Linked by Thom Holwerda on Wed 15th Jul 2009 16:09 UTC
Linux One of the problem with operating system updates is that you often need to reboot the system. While this is nothing but a minor nuisance for us desktop users, it's a bigger problem when it comes to servers. Ksplice is a technology that allows Linux kernel patches to be applied without actually restarting the kernel.
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RE: What's wrong with a reboot?
by fernandotcl on Wed 15th Jul 2009 21:39 UTC in reply to "What's wrong with a reboot?"
Member since:

That is correct. What kind of service is so important that it needs to be always up, yet not important enough to justify a failover scheme?

Projects like this are nice, of course. But they aren't practical at all.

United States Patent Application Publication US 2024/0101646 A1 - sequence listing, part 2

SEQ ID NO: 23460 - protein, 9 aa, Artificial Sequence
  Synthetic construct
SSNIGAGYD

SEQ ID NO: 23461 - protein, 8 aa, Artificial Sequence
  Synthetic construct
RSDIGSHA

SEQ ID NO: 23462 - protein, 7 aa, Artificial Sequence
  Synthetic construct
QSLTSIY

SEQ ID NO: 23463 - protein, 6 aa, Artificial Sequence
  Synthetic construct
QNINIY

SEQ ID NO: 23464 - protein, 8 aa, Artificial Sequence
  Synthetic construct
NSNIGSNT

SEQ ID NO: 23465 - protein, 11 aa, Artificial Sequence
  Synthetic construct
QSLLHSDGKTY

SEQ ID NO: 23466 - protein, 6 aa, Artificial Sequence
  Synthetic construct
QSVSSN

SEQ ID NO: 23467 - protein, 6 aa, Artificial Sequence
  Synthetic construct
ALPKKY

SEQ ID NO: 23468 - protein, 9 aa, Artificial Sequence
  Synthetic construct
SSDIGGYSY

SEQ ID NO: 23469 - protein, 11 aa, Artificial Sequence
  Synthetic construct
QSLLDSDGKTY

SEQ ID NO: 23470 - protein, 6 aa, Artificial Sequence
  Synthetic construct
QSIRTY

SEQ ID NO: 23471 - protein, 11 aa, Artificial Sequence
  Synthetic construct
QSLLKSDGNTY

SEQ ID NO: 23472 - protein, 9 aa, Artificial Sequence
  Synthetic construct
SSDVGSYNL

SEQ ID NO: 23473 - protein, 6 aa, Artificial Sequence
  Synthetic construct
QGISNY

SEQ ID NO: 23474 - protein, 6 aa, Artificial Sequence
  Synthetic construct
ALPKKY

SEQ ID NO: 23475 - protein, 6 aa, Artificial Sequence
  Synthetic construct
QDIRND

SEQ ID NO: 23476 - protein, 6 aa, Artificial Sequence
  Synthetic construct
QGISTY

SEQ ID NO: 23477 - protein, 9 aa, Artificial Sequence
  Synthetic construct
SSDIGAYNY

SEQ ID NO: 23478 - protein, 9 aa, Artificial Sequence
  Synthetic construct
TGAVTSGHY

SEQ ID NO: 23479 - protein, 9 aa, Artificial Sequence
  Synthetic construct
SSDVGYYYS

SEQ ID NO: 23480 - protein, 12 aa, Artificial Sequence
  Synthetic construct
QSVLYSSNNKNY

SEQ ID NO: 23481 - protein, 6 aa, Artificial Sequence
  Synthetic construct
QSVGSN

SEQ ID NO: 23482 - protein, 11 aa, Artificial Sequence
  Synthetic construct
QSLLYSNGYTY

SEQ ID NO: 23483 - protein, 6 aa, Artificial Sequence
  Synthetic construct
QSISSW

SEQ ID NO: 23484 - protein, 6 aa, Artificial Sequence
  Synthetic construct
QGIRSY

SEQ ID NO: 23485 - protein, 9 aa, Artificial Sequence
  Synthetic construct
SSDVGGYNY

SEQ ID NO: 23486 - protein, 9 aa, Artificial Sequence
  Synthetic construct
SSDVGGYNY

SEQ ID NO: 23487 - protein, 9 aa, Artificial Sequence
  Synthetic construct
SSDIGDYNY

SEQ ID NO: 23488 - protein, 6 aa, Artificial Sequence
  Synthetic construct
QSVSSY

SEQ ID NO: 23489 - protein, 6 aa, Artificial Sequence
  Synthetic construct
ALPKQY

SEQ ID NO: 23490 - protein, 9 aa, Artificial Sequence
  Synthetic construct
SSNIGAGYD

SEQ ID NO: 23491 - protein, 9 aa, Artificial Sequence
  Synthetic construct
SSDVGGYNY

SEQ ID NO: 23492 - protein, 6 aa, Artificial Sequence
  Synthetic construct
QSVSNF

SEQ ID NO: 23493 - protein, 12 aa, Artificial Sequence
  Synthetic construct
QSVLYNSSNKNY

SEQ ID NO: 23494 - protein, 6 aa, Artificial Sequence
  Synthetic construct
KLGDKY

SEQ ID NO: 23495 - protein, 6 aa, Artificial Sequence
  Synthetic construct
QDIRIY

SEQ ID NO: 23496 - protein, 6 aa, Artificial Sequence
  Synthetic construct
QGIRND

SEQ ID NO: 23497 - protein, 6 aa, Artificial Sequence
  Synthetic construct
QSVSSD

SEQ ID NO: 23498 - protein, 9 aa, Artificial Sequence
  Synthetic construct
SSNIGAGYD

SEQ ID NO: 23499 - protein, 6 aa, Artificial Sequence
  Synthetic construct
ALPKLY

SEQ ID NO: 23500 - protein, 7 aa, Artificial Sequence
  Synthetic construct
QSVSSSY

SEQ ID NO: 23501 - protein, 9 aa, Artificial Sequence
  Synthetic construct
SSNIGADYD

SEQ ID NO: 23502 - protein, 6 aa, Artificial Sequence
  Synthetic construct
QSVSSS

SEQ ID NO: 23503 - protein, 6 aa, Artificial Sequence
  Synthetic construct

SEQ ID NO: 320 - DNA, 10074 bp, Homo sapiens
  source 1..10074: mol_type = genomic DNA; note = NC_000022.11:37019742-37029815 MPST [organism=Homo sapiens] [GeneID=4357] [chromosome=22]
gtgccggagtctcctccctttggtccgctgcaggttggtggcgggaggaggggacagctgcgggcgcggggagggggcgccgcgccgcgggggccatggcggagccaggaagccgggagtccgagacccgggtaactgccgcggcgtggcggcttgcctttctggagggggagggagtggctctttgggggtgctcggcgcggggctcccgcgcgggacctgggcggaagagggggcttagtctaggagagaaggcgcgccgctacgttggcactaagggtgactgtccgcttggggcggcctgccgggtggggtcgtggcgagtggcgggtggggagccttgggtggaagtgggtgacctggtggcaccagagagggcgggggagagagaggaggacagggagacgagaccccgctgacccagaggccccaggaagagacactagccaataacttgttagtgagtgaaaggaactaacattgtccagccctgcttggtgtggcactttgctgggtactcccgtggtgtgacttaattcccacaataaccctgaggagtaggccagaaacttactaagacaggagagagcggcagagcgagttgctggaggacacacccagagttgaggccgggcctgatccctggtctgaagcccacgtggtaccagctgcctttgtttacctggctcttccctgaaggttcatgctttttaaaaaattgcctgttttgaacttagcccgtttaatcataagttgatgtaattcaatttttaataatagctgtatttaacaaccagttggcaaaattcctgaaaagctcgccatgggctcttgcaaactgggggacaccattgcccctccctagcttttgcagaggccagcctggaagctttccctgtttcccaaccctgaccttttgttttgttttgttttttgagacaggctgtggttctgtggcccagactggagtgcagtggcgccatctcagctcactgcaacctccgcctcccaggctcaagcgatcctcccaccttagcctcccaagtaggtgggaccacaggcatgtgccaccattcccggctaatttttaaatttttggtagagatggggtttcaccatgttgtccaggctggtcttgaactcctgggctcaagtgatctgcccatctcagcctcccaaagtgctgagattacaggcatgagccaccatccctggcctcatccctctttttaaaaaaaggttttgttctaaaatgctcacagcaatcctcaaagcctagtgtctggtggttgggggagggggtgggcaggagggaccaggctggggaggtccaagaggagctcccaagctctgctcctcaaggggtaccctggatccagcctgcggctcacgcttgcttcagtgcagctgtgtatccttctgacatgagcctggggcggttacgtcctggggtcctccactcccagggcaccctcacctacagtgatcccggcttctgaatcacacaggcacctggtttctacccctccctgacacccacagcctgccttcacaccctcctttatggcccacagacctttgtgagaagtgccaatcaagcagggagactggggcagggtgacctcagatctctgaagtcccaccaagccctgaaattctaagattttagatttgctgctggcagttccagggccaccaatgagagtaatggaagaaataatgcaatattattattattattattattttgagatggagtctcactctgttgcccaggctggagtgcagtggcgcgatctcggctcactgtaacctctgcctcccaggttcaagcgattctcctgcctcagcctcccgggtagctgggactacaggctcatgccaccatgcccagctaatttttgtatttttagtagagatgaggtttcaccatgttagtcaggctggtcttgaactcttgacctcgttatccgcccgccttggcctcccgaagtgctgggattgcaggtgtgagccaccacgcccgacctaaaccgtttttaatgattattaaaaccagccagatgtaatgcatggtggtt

Reply Parent Score: 1

Lennie Member since:

Because some things are really hard (or just expensive) to be able to complete failover for, like Linux with specific hardware for running telephony systems.

Even 0.02 cents per machine could be to expensive if their are a lot of machines. For example it would be really nice if the update of your cable-modem didn't disconnect you from internet for a couple of minutes.

For some things it's just easier on the administrative side, like the cluster running calculations where you don't want to move jobs around and rebooting cluster-nodes that haven't been rebooted and then moving the jobs back and rebooting other nodes and keeping track of which you have and haven't had.

Their could be many reasons. :-)

Reply Parent Score: 1